Fragment of a 1988 portrait of Ilizarov by Israel Tsvaygenbaum

In 1989, an Ilizarov conference was organised by Dietmar Wolter in Hamburg. In 1990, Ilizarov came to the second conference in Hamburg, where he co-founded the German Ilizarov Society (Deutsche Ilisarow-Gesellschaft). The hospital of the German Accident Prevention & Insurance Association (Berufsgenossenschaftliches Unfallkrankenhaus, BGUK) in Boberg, Hamburg-Lohbrügge, became a major center in Germany applying and promoting the Ilizarov technique.[20][21][22][23] It also became compulsory for all senior physicians of the hospital to visit the Kurgan Center for learning the Ilizarov method.[24][25]

Later life and death

The opposition by the Moscow medical establishment continued until the last years of Ilizarov's life. As late as 1991, just one year before his death, Ilizarov was elected a full member of the Russian Academy of Sciences.[26] Despite numerous awards and the worldwide recognition, he was not elected to the USSR Academy of Medical Sciences.[27]

Ilizarov died of heart failure in 1992, at the age of 71.[28]

Awards and honours (selected)

Ilizarov with his apparatus on a 2021 stamp of Russia

Soviet and Russian



  1. ^ a b c d e f g h i j k l m n V.I. Shevtsov, I.L. Smirnova, L.G. Saldina. G.A. Ilizarov: many years of efforts, searches and victories. The chronicle of scientific-and-practical and social activities (to the 85 anniversary). Genius of Orthopedics (Гений Ортопедии) 2 (2006), p.5 (in Russian).
  2. ^ Илизаров Гавриил Абрамович Archived 2014-10-26 at the Wayback Machine. Лица Зауралья (in Russian)
  3. ^ В. С. Смирнов. Илизаров, Гавриил Абрамович. Герои страны (in Russian).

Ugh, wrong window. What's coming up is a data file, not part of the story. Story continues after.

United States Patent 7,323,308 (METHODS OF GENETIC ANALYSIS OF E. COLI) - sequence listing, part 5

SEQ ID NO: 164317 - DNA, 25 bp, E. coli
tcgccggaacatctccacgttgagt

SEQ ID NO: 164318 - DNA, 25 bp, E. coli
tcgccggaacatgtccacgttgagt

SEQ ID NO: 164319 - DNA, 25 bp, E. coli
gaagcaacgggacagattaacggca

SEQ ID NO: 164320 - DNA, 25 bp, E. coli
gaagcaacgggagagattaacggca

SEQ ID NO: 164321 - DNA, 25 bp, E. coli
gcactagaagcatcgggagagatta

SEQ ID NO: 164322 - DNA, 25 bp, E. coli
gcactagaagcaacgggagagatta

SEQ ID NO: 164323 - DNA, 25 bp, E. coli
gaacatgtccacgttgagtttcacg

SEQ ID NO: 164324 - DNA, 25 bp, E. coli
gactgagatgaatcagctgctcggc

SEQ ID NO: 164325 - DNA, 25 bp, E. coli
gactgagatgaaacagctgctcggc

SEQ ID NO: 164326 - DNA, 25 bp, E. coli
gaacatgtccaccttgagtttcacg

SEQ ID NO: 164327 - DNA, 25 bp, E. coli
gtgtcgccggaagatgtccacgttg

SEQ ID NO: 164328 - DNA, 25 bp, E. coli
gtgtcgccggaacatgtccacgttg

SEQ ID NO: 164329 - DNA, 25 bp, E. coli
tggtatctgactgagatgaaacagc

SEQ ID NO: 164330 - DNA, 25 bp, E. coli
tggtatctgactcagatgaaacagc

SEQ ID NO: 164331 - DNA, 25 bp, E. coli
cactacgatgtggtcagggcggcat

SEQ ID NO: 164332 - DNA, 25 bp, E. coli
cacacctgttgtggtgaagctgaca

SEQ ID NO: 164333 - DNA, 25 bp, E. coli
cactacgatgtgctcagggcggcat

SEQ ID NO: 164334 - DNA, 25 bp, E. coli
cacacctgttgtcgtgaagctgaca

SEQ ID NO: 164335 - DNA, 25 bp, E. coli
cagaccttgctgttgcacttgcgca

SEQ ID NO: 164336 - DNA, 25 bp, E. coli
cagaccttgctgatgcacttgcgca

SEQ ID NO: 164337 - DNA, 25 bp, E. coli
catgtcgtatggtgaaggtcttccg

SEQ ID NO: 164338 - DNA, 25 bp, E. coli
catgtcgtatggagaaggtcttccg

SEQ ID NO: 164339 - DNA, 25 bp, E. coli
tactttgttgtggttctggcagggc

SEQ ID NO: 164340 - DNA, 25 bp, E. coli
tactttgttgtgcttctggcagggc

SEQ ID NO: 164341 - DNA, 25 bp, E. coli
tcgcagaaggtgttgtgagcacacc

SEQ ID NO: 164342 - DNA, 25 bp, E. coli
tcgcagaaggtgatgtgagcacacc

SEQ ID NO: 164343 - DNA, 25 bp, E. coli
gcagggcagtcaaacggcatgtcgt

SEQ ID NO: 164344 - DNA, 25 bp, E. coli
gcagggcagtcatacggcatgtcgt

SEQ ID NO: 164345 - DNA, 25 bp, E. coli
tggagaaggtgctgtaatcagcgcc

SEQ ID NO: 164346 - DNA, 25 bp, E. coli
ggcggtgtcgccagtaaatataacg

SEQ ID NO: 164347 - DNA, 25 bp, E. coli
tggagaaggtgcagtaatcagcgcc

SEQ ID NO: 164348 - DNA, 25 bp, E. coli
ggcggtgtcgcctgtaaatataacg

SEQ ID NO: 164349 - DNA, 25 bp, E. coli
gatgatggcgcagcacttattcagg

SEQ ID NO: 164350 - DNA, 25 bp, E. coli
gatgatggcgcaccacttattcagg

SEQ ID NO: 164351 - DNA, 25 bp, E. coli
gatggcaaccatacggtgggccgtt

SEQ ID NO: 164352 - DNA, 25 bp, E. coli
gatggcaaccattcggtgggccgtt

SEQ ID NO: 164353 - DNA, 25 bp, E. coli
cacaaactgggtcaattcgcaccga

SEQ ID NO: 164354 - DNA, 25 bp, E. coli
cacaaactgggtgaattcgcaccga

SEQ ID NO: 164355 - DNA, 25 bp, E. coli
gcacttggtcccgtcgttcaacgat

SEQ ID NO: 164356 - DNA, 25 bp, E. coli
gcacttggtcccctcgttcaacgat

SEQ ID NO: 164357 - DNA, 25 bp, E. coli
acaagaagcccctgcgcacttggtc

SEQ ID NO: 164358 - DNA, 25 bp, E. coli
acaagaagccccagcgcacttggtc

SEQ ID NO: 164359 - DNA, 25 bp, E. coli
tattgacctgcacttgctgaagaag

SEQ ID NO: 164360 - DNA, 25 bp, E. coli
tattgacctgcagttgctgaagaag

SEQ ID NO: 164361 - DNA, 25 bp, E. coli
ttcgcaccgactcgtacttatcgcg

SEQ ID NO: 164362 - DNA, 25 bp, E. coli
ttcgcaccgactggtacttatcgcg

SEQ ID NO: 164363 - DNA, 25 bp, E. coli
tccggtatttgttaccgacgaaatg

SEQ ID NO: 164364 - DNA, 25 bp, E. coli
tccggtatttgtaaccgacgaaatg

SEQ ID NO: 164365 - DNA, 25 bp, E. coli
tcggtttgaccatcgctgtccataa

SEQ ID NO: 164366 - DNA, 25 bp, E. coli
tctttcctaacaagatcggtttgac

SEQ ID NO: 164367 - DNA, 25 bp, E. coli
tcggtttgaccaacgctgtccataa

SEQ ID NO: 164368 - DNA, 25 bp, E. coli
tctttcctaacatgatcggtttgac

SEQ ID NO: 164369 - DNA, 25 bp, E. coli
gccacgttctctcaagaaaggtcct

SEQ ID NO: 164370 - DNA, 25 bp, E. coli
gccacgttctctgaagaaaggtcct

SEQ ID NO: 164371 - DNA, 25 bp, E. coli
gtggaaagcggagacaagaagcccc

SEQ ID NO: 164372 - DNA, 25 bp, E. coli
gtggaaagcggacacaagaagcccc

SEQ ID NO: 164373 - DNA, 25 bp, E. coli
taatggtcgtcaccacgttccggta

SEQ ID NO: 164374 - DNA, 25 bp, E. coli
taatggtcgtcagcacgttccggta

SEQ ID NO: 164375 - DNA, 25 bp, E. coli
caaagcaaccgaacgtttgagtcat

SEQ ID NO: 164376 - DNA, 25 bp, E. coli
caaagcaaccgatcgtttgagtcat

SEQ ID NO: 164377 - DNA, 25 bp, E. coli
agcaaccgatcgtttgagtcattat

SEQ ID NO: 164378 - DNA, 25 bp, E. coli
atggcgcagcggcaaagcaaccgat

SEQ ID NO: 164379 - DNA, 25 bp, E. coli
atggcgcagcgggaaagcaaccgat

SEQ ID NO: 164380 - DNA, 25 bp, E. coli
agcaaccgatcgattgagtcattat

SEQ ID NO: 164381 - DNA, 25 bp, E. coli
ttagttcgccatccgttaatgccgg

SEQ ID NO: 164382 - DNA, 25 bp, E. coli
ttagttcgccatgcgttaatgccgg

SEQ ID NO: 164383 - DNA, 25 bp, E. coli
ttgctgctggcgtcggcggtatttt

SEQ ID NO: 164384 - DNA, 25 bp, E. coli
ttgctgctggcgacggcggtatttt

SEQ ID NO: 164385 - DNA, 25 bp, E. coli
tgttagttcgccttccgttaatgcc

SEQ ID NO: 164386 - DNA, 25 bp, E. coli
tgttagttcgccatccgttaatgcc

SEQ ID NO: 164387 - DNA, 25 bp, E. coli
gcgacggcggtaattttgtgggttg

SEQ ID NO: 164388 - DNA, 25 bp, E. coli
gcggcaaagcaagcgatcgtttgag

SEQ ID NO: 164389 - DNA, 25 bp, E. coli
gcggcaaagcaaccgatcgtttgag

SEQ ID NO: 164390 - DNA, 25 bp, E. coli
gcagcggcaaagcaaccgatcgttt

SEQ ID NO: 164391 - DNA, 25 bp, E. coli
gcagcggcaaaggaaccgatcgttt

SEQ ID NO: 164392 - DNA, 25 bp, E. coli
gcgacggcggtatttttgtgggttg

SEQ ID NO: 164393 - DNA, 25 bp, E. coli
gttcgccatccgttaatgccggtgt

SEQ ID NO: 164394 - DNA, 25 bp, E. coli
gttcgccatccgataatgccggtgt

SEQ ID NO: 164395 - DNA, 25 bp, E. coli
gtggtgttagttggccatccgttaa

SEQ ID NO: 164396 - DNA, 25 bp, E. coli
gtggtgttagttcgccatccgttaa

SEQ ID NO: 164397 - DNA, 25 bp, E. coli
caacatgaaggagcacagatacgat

4. ^ a b c d e f Svetlana Ilizarov (2006). "The Ilizarov Method: History and Scope". In S. Robert Rozbruch; Svetlana Ilizarov (eds.). Limb Lengthening and Reconstruction Surgery. CRC Press. pp. 3–6. ISBN 0-8493-4051-9.
  5. ^ a b B. Spiegelberg; T. Parratt; S. K. Dheerendra; W. S. Khan; R. Jennings; D. R. Marsh (2010). "Ilizarov principles of deformity correction". Annals of the Royal College of Surgeons of England. 92 (2): 101–5. doi:10.1308/003588410X12518836439326. PMC 3025247. PMID 20353638.
  6. ^ Брумель Валерий Николаевич. Биографическая справка. Р-Спорт. РИА Новости (RIA Novosti; in Russian)
  7. ^ Peter Bizer. Kleiner Mann, ganz groß. Der Stern, 27.10.1983 (in German).
  8. ^ "Small Bone Innovations, Inc. Extends its Exclusive Training Agreement with Russian Ilizarov Scientific Center for an Additional 5 Years". China Weekly News. 17 August 2010. Archived from the original on 28 March 2015. Retrieved 3 August 2012 – via HighBeam.
  9. ^ Wolfgang Saxon (25 July 1992) Dr. Gavril A. Ilizarov Dies at 71; Pioneer Bone Surgeon in Russia. New York Times
  10. ^ "The Ilizarov Centre today". Archived from the original on 1 September 2012. Retrieved 3 August 2012.
  11. ^ Beitr. Orthop. Traumatol. 18 (1971), H.2.
  12. ^ J. Hellinger (1973). "Die Behandlung von Pseudarthrosen langer Röhrenknochen mit simultaner Beinverlängerung" (PDF). Zentralblatt für Chirurgie. 98: 1272–1276.
  13. ^ a b c d e f Vladimir Golyakhovsky; Victor H. Frankel (2010). Textbook of Ilizarov Surgical Techniques: Bone Correction and Lengthening: Bone Correction and Lengthening. Jaypee Brothers Publishers. pp. 20–. ISBN 978-81-8448-933-0.
  14. ^ a b c Dror Paley. Historical Vignettes on How the Ilizarov Method Came to the West Archived 2017-08-22 at the Wayback Machine. Limb